1 minute: partner discussion
 1 minute: wholeclass discussion
 Share statements that use “more” and “fewer.”
Activity
 “Now you are going to write some statements using ‘more’ and ‘fewer’ and write equations to show how to find the difference.”
 5 minutes: independent work time
 “Now check with your partner. Are their statements true?”
 3 minutes: partner discussion
 Monitor for different equations students use for each comparison.
Student Facing
Kiran and Lin counted the types of dogs they saw in a park. Their data is shown in the bar graph.

Make this statement true: There are more
__________________________ than ___________________________.
 Write an addition and a subtraction equation to show how many more.

Make this statement true: There are fewer
___________________________ than ____________________________.
 Write an addition and subtraction equation to show how many fewer.
Student Response
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Advancing Student Thinking
If students write statements that are not true, consider asking:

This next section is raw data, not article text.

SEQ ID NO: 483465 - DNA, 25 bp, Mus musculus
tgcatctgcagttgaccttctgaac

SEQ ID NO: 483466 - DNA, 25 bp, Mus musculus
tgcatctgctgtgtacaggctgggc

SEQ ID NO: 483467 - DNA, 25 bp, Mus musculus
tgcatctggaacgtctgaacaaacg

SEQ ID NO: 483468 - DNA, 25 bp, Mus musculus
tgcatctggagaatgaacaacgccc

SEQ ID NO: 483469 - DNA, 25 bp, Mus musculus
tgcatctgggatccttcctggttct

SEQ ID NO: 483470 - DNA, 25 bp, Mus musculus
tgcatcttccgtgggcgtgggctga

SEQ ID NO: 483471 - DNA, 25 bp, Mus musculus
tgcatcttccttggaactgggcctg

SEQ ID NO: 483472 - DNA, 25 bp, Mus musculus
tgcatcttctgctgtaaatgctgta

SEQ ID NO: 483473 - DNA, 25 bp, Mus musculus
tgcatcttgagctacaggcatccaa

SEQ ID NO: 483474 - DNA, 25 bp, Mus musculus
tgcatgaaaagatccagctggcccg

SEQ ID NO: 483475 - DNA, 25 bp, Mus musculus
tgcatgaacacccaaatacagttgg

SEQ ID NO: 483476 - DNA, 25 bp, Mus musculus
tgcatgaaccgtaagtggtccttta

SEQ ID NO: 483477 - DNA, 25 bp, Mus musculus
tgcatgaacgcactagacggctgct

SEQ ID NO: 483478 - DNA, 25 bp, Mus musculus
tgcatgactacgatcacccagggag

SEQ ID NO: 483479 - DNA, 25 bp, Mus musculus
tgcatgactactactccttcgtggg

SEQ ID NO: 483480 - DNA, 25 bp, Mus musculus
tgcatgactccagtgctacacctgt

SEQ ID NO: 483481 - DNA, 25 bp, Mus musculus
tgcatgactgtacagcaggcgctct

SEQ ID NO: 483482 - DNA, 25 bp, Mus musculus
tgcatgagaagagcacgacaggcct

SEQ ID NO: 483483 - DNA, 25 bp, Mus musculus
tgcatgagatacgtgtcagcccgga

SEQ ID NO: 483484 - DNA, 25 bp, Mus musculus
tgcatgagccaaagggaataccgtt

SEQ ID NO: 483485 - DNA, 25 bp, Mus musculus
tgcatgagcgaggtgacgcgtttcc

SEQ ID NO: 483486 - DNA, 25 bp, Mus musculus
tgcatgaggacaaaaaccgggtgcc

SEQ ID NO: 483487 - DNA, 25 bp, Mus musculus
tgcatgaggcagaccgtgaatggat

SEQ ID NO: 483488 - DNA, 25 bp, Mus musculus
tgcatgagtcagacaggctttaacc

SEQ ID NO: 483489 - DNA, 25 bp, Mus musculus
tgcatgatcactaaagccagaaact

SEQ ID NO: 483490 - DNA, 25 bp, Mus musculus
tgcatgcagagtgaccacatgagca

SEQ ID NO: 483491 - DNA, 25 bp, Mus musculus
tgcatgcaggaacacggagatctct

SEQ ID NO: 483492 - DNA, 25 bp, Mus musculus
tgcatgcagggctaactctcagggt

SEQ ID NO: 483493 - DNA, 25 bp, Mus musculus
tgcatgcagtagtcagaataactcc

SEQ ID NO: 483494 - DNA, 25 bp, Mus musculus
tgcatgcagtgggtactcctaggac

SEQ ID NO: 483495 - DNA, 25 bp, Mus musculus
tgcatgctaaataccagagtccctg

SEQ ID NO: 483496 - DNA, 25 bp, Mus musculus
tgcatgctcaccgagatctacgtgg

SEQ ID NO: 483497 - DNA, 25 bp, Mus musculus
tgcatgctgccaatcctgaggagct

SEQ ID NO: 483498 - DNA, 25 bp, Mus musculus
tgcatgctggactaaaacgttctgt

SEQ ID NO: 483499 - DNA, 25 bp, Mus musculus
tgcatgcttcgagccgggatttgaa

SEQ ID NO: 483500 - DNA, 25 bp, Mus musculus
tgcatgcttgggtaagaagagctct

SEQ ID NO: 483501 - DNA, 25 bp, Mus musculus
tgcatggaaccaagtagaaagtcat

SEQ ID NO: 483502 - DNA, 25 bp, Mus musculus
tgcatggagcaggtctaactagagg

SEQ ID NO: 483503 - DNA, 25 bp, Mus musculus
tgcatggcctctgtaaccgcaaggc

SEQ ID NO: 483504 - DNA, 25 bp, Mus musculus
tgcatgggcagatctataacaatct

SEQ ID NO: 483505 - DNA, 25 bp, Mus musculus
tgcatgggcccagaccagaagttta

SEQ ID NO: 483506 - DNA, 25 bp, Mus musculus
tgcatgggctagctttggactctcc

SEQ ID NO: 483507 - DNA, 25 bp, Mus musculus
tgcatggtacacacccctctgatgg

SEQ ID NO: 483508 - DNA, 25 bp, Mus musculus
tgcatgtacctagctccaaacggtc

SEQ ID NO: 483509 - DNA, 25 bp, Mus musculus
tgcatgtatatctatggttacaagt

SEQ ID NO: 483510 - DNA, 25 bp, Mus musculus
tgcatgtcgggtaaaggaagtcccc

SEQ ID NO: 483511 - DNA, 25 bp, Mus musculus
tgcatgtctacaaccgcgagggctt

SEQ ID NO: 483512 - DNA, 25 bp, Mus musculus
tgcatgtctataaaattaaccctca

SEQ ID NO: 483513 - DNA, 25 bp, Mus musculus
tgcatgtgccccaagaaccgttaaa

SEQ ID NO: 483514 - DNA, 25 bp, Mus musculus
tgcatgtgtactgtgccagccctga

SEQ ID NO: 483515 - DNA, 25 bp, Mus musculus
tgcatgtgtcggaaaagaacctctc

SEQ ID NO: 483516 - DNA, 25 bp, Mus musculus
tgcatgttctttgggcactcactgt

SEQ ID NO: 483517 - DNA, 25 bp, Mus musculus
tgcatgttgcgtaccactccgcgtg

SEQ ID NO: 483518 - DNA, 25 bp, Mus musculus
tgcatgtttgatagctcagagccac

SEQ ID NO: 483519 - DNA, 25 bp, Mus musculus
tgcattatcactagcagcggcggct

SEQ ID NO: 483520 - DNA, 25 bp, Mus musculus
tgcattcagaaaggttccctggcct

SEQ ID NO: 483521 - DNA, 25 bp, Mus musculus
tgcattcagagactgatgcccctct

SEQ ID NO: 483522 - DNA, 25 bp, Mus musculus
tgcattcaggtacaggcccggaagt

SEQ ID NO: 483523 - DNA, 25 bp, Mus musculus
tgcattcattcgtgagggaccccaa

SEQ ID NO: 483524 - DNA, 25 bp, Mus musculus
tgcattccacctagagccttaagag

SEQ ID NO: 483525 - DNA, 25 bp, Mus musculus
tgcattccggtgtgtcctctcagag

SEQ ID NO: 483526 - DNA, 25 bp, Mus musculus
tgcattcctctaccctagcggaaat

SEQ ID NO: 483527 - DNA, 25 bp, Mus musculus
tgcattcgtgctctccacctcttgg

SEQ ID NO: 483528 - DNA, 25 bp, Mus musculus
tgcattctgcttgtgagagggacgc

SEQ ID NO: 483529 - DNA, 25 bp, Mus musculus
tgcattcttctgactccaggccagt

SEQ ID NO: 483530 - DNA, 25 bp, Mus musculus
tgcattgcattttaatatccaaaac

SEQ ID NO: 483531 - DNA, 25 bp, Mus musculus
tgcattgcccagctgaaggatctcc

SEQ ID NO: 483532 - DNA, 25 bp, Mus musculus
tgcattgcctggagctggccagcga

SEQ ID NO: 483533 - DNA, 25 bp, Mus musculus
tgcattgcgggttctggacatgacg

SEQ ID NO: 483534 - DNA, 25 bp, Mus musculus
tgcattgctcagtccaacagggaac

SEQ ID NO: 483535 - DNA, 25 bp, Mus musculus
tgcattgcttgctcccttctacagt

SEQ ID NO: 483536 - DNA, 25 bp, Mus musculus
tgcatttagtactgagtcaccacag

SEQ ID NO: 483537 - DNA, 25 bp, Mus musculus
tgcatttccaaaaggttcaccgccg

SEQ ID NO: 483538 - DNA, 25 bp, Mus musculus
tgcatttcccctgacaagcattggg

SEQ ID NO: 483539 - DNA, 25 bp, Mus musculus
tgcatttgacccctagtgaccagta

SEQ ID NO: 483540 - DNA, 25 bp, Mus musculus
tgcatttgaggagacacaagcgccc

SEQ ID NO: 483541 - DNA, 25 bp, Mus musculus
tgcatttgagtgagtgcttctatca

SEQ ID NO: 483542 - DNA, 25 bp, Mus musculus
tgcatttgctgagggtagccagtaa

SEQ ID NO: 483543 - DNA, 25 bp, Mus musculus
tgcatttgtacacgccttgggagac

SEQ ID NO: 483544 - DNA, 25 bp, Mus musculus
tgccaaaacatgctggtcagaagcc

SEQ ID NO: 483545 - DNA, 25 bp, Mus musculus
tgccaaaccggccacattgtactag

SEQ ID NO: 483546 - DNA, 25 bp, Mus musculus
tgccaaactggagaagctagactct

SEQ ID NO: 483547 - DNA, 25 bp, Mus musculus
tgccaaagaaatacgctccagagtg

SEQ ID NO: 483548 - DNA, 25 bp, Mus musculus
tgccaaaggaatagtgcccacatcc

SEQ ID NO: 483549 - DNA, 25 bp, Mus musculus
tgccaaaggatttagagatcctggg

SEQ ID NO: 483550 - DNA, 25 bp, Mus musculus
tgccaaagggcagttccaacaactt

"How did you decide which group had fewer?"
 "Where do you see this on the graph?"
Activity Synthesis
 Invite 1–2 previously identified students to share their statements using fewer and one equation. (Sample response: There are fewer pugs than bulldogs. There are 12 fewer. 8 + 12 = 20)
 Record equation.
 “What other equations could we write to show how many fewer for _____’s statement?” (Sample response: We could use subtraction. 20 – 12 = 8 shows you can count back 12 from 20 to get to 8.)
 Record equations.
 For each equation, ask, “What does each number represent in the equation?” (20 represents the number of bulldogs. 8 represents the number of pugs. 12 represents how many fewer pugs.)
Lesson Synthesis
Lesson Synthesis
“Today, we learned that there are different ways we can talk about comparisons and write equations to represent them.”
Display graph from Activity 2.
Display: \(14 + 6 = 20\)
“6 is the answer. What is the question?” (Sample response: How many more bulldogs are there than huskies?”)
Consider asking: “How did you use the graph? What did you look for?”
If time permits (or if \(14 + 6 = 20\) was discussed in Activity 2 Synthesis):
Display: \(8  2 = 6\)
“2 is the answer. What is the question?” (Sample response: How many fewer poodles are there than pugs?)
Consider asking: “How did you use the graph? What did you look for?”
Cooldown: Second Grade Absences (5 minutes)
CoolDown